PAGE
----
And again, here we are.
I'm sure most all of you have heard of this La marche de l'empereur documentary. I haven't seen it quite yet, and may or may not do so in the future. We'll see. To clarify about the form of the title I've used, yes. It's a French film that was picked up by Warner and released stateside, evidently improving on what was a corny soundtrack by getting rid of the Bob Saget on America's Funniest Home Videos-esque dialogue for the penguins as well as the pop soundtrack, and just going with a solemn-voiced Morgan Freeman who, evidently speaks fluent French, which he's used to communicate with Canadians, long thought an impossible task.
But that's not what's great about this. That's not what's made me comment on it in my blog.
What made that happen is this piece in the New York Times, which, to summarize, discusses the positive feedback to the point of crafting it into a very specific kind of political tool by conservative commentators. Most of their comments, I don't take issue with. Sure, the footage of penguins struggling to survive sends a nice family/togetherness/sacrifice message. What I do take issue with is the opinion that the movie somehow acts as "a strong case for intelligent design" and the joy that's apparent from the fact that the US version doesn't talk all that much about global warming, taking the absence of a mention as proof that global warming doesn't exist.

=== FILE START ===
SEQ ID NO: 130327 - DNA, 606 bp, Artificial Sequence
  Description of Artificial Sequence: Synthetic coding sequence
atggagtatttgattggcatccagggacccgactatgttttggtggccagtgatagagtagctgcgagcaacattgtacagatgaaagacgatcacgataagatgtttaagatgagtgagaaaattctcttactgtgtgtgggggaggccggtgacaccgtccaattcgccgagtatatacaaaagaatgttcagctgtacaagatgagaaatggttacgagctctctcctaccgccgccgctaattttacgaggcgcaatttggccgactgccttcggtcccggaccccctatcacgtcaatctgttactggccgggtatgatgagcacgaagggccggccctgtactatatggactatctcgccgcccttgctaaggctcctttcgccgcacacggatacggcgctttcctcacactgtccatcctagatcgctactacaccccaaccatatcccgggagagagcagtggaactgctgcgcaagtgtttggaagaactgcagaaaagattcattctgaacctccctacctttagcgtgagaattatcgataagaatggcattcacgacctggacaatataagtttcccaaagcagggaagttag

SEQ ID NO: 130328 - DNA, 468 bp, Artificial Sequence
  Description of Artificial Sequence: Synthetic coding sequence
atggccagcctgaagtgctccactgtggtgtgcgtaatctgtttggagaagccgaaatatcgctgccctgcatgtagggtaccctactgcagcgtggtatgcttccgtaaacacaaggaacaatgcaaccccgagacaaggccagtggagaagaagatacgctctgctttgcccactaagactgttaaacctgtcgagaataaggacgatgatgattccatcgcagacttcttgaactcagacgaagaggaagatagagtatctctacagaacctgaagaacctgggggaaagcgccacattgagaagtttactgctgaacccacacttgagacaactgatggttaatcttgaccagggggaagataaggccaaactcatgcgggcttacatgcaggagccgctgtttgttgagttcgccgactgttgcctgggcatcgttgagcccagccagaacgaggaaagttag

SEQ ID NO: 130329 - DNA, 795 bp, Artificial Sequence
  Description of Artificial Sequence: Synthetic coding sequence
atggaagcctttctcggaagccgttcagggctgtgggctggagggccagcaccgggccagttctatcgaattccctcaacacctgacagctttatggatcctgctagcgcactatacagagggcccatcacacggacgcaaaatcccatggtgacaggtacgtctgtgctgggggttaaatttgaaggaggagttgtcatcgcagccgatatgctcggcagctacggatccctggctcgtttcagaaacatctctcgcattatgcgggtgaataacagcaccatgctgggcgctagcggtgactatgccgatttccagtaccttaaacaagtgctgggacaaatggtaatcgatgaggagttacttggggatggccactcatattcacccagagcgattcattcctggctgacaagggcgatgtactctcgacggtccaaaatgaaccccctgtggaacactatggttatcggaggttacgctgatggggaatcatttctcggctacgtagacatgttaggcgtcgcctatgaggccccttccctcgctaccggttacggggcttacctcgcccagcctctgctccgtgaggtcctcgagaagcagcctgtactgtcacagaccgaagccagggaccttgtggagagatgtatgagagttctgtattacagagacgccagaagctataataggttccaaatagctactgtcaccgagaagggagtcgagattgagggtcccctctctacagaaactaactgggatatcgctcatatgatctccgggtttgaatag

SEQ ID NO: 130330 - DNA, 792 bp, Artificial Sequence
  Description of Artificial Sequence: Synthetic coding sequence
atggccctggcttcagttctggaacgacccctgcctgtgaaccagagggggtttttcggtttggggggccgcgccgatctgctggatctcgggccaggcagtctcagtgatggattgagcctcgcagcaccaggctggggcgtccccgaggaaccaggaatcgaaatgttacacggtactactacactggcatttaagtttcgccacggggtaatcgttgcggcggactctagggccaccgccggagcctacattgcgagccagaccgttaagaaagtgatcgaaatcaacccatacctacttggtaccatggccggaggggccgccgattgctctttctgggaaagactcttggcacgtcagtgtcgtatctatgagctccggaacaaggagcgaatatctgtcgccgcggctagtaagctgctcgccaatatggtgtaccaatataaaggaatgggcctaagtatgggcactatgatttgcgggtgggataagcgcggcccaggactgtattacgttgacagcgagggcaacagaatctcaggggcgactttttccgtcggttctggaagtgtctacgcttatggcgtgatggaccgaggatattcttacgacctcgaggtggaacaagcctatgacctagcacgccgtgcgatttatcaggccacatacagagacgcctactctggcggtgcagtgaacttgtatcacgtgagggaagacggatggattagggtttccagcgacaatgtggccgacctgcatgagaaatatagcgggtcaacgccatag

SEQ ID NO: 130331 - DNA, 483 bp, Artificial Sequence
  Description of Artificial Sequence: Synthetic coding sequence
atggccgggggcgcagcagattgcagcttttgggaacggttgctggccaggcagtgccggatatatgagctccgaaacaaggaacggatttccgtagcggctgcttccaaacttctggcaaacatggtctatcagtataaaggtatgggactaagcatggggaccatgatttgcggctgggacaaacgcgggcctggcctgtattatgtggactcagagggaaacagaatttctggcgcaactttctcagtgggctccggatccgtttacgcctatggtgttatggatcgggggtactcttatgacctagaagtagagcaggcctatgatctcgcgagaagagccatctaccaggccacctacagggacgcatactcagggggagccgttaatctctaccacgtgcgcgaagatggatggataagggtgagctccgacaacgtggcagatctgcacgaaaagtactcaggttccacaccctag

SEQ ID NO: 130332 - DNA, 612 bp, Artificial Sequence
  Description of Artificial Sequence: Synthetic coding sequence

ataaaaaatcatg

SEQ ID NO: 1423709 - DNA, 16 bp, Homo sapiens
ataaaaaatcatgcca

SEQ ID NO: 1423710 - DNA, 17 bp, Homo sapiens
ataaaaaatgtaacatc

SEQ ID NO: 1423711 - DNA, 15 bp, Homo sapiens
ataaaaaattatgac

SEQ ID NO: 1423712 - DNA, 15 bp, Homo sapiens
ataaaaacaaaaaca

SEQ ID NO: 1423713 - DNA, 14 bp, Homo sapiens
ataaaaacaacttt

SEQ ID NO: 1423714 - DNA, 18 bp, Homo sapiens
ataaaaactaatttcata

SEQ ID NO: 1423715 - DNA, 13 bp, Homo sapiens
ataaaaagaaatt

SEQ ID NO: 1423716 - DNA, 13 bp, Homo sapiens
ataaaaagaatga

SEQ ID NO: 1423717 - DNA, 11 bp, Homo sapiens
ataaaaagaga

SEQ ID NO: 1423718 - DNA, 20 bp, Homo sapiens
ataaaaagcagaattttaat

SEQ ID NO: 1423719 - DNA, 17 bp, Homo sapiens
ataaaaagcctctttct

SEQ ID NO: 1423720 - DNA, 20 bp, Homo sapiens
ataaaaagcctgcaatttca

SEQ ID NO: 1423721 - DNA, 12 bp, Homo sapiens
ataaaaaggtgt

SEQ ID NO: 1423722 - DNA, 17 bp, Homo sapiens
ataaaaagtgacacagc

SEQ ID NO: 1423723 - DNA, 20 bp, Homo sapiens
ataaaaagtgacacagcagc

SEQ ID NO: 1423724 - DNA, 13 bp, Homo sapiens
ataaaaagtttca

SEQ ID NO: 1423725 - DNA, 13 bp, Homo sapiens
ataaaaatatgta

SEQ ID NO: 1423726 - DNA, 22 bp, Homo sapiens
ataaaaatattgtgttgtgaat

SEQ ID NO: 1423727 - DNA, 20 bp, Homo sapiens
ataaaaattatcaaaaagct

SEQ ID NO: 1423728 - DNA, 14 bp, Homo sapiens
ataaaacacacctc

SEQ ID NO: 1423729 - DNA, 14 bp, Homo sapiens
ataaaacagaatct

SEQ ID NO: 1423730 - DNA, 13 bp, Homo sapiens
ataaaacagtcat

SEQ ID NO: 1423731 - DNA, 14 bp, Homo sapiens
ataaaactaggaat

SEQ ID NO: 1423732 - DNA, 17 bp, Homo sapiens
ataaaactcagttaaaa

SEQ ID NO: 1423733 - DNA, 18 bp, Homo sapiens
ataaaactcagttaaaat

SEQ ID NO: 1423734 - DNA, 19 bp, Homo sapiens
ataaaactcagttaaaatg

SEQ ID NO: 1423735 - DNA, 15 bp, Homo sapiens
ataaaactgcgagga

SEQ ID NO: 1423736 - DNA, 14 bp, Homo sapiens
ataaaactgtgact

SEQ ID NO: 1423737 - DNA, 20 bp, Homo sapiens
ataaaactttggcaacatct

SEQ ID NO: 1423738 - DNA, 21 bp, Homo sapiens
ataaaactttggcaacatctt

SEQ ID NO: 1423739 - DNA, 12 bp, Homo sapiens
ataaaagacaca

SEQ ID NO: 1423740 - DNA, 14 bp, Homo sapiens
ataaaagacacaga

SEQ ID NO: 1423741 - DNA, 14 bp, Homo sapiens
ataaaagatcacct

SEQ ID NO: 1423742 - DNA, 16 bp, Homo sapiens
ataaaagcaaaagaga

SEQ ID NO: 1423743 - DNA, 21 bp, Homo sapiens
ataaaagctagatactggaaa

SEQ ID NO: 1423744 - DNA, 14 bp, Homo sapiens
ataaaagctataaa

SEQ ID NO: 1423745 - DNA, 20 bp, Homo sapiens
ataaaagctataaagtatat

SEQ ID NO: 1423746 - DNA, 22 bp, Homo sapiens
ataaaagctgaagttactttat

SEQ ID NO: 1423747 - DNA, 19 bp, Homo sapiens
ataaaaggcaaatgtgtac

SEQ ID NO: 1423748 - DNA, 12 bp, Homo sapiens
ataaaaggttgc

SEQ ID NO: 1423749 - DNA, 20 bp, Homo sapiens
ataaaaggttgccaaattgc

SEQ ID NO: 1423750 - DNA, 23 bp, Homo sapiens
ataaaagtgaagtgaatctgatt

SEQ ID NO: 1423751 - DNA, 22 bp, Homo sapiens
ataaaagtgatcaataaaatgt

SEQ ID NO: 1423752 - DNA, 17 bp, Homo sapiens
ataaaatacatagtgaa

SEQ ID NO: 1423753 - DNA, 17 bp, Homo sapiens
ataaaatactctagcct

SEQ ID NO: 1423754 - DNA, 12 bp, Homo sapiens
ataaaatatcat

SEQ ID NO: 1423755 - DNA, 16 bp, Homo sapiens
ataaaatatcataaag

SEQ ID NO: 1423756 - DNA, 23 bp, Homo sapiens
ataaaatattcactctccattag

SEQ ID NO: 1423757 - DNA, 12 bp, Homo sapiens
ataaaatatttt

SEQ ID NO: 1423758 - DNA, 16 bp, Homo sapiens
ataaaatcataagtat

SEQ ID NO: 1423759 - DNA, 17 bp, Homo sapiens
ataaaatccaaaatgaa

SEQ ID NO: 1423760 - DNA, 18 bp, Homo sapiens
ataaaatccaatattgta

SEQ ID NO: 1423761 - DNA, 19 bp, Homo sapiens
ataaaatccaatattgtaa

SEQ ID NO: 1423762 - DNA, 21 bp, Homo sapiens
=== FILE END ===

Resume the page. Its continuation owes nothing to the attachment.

As you'll surely read, Luc Jaquet says that he made the decision to leave out global warming...more or less because there's a larger story to tell and that while it's an issue for the penguins, that isn't the story he wanted to tell. So, fine.
What's more interesting is the claim that this a case for intelligent design. Andrew Coffin, a writer for World Magazine points to the odds that an egg could survive in such a climate being indication of intelligent design. Surely, he argues, something couldn't have evolved in such a harsh climate, so it must have been made in nearly its complete form at some point there. Which is fine, if you ignore the whole Pangaea and plate tectonics arguments, which would have allowed for the development of such birds on a much more mild climate, followed by millions of years of evolution after the separation of the continents.
Interestingly, the only time the film mentions something even close to evolution is to say that the penguins have been living as documented for millions of years, though the Times piece doesn't talk at all about the response of Young Earth Creationists.